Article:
Suez Canal must upgrade technical infrastructure to avoid shipping disruption

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Suez Canal must upgrade technical infrastructure to avoid shipping disruption

The Suez Canal- Egypt must move quickly to upgrade its technical infrastructure if it is to prevent future shipping disruption, shipping industry sources said, as the major trade route tries to bounce back from a costly six-day closure.

On March 23, the international supply chains were thrown into disarray when the 400-metre container ship Ever Given ran in the canal, with specialist rescue teams taking almost a week to free her after extensive dredging and repeated tugging operations.

Egypt will get two new tugboats, one next week and one in August, said chairman Osama Rabie after the ship was finally freed, as well as arranging for a further five new Chinese tugboats.

But sources in the shipping industry said commercial equipment and associated procedures have long struggled to keep up with the ever increasing size of special vessels.

The average size of most vessels has increased exponentially over the last 15 years. The ability to salvage these bigger ships has not helped, said Peter Townsend, a marine insurance veteran.

The problem is getting containers off essentially at sea a 20- storey building.

In 2013, Michael Kingston, an international shipping specialist and an advisor to the International Maritime Organization of the United Nations, blocked these problems three years before the MSC Fabiola container ship ran aground, also blocking traffic for days.

The obvious way to lighten a vessel is to take the containers off. They had no way of doing it; no equipment was readily available, he said of the Ever Given incident. The SCA says that the canal can safely carry vessels of the Ever Given size- with a maximum capacity of 20,000 TEU- even in rough weather.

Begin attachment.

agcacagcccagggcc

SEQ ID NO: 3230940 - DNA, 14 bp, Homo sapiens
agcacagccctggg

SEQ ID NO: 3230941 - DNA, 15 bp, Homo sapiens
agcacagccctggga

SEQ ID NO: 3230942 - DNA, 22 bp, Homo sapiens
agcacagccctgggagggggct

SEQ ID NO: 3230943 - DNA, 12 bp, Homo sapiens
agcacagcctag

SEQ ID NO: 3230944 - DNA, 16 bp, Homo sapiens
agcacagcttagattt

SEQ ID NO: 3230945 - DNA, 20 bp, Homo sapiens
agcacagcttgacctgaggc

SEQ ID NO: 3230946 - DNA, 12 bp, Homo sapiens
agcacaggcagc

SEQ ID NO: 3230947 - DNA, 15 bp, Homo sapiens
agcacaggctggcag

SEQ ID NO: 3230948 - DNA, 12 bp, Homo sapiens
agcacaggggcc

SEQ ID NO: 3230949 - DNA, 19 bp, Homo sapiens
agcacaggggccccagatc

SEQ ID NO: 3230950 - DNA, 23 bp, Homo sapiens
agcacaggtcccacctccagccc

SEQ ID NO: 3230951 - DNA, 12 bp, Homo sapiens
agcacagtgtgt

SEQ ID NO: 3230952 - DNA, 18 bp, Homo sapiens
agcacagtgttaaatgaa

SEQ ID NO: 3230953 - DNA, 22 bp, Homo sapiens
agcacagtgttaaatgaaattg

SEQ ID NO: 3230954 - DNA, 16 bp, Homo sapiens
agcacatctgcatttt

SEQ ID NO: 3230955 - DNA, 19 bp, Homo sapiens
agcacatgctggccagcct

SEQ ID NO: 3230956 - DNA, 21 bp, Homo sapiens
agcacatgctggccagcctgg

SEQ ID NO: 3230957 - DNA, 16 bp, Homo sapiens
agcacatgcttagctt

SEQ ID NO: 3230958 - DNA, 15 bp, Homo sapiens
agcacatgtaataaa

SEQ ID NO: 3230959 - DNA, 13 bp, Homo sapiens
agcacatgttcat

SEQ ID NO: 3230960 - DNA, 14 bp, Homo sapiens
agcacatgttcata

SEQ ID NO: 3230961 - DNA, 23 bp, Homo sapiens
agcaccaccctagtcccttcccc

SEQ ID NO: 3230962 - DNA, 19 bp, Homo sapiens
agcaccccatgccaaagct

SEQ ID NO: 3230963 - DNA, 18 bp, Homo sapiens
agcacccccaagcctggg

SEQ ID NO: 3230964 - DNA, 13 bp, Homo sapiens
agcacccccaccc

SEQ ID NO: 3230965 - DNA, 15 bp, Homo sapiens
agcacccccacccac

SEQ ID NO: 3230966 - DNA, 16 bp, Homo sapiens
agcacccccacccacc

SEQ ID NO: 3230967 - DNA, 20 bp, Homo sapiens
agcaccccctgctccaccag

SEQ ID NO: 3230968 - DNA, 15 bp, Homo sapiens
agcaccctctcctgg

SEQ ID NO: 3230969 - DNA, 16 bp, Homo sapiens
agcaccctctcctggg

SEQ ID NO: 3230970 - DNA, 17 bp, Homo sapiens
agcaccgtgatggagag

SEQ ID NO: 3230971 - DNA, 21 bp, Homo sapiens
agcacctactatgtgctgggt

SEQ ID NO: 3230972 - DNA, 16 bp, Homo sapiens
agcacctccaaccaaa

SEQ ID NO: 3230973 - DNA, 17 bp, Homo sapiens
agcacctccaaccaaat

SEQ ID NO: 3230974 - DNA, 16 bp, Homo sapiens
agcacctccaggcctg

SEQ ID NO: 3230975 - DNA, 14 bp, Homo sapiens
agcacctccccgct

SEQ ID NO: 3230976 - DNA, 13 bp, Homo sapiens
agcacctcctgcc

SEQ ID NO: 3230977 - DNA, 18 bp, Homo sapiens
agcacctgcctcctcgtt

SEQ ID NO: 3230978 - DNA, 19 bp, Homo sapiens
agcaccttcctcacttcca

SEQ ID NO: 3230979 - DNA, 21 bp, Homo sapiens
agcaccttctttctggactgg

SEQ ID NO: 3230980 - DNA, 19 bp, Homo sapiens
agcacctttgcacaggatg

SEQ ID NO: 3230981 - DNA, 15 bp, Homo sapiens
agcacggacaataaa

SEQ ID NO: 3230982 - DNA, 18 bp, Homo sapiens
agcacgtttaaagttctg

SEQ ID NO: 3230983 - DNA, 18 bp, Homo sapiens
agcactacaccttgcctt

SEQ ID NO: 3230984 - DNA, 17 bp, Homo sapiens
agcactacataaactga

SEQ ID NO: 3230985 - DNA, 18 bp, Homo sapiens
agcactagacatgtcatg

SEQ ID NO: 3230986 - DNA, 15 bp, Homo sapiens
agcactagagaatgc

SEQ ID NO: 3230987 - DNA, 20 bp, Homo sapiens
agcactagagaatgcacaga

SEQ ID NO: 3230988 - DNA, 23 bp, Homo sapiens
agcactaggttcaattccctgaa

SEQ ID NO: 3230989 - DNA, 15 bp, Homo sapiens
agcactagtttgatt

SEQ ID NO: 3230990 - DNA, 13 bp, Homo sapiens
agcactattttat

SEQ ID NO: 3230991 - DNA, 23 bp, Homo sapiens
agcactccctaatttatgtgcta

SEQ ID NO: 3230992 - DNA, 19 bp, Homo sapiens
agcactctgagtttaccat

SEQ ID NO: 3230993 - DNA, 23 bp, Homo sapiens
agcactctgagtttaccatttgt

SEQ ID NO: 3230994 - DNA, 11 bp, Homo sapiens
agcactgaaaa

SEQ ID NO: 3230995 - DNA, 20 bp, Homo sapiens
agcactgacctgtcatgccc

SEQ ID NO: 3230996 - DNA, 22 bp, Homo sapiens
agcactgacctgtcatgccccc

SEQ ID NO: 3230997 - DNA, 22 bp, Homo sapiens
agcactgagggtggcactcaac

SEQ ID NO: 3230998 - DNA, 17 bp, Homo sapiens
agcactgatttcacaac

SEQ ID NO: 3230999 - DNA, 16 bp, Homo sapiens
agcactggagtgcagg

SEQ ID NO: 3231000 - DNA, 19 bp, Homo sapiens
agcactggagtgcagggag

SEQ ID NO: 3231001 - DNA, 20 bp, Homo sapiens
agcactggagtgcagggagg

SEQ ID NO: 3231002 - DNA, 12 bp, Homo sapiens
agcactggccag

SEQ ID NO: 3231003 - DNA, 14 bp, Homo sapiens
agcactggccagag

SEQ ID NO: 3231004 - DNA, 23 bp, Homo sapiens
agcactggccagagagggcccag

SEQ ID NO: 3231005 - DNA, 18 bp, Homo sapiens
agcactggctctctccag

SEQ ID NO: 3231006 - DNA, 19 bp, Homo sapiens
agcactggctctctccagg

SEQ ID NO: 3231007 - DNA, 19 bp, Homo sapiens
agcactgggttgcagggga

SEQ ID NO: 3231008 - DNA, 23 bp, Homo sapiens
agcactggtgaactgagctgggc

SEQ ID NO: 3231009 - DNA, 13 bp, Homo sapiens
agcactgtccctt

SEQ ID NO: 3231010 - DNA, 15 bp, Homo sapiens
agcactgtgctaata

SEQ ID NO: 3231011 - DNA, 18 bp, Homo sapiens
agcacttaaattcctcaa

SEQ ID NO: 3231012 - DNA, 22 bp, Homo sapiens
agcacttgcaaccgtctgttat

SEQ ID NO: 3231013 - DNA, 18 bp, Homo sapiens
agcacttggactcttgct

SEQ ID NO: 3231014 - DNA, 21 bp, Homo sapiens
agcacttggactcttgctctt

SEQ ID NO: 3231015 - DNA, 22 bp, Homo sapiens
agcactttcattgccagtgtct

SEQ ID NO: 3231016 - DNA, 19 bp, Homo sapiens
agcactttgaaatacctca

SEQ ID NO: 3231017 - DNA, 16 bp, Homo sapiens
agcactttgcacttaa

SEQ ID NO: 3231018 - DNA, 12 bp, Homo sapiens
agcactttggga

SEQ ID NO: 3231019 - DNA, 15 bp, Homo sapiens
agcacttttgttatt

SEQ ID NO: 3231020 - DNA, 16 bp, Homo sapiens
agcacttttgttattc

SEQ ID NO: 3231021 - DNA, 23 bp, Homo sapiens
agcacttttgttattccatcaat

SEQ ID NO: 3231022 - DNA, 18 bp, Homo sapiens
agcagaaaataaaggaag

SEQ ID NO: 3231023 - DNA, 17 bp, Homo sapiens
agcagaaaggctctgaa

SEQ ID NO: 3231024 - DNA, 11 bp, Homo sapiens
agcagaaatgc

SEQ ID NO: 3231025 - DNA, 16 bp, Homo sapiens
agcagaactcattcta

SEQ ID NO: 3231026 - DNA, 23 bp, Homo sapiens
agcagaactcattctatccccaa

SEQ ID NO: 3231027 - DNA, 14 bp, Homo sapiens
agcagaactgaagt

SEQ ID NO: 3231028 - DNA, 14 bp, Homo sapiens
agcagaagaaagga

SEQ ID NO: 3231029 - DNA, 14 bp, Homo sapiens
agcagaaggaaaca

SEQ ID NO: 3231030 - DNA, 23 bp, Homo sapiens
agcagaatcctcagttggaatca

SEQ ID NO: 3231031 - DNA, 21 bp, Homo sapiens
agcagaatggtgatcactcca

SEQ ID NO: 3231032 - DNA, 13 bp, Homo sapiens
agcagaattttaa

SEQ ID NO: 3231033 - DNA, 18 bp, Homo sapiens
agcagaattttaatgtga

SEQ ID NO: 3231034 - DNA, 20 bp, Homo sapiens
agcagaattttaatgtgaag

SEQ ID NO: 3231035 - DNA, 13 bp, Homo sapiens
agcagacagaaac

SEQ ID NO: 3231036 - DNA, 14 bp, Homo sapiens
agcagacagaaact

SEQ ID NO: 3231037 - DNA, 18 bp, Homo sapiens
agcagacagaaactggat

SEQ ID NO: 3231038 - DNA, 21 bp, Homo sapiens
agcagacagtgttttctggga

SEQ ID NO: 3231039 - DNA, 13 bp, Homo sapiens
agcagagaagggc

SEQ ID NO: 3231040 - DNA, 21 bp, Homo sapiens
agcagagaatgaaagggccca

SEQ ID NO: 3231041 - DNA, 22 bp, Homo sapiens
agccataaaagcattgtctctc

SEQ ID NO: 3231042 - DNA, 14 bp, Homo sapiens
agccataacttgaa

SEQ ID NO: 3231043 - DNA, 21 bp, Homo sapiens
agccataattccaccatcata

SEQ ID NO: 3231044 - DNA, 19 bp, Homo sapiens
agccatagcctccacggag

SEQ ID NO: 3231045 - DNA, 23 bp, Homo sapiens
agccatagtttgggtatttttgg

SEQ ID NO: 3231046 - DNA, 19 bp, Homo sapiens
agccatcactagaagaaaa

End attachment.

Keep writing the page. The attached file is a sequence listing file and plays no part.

As well as larger tugboats, dredgers and offloaders, stricter guidelines on how ships move through the canal are needed, the industry sources said.

Those could include using tugs to assist large ships, or only permitting transit during daylight hours. Of course, there are many lessons to be learned from the incident.

Of course we have the capability, said the SCA President Abdel Fattah al-Sisi; Visiting the Suez Canal this week, the Egyptian President Rabie said: We need to give a strong message to the world that the canal can transport world trade at this rate or more. It was not clear yet if the Canal would choose to extend a second channel south of the one that Egypt opened in 2015 at a cost of$ 8 billion along a 70-km section of the waterway.

Such extension would allow traffic to continue flowing even if a ship was grounded.

An expansion of the southern section of the canal can be envisaged, said Sisi. It is up to the extraordinary people: We do n't want to take measures just due to technical situations.

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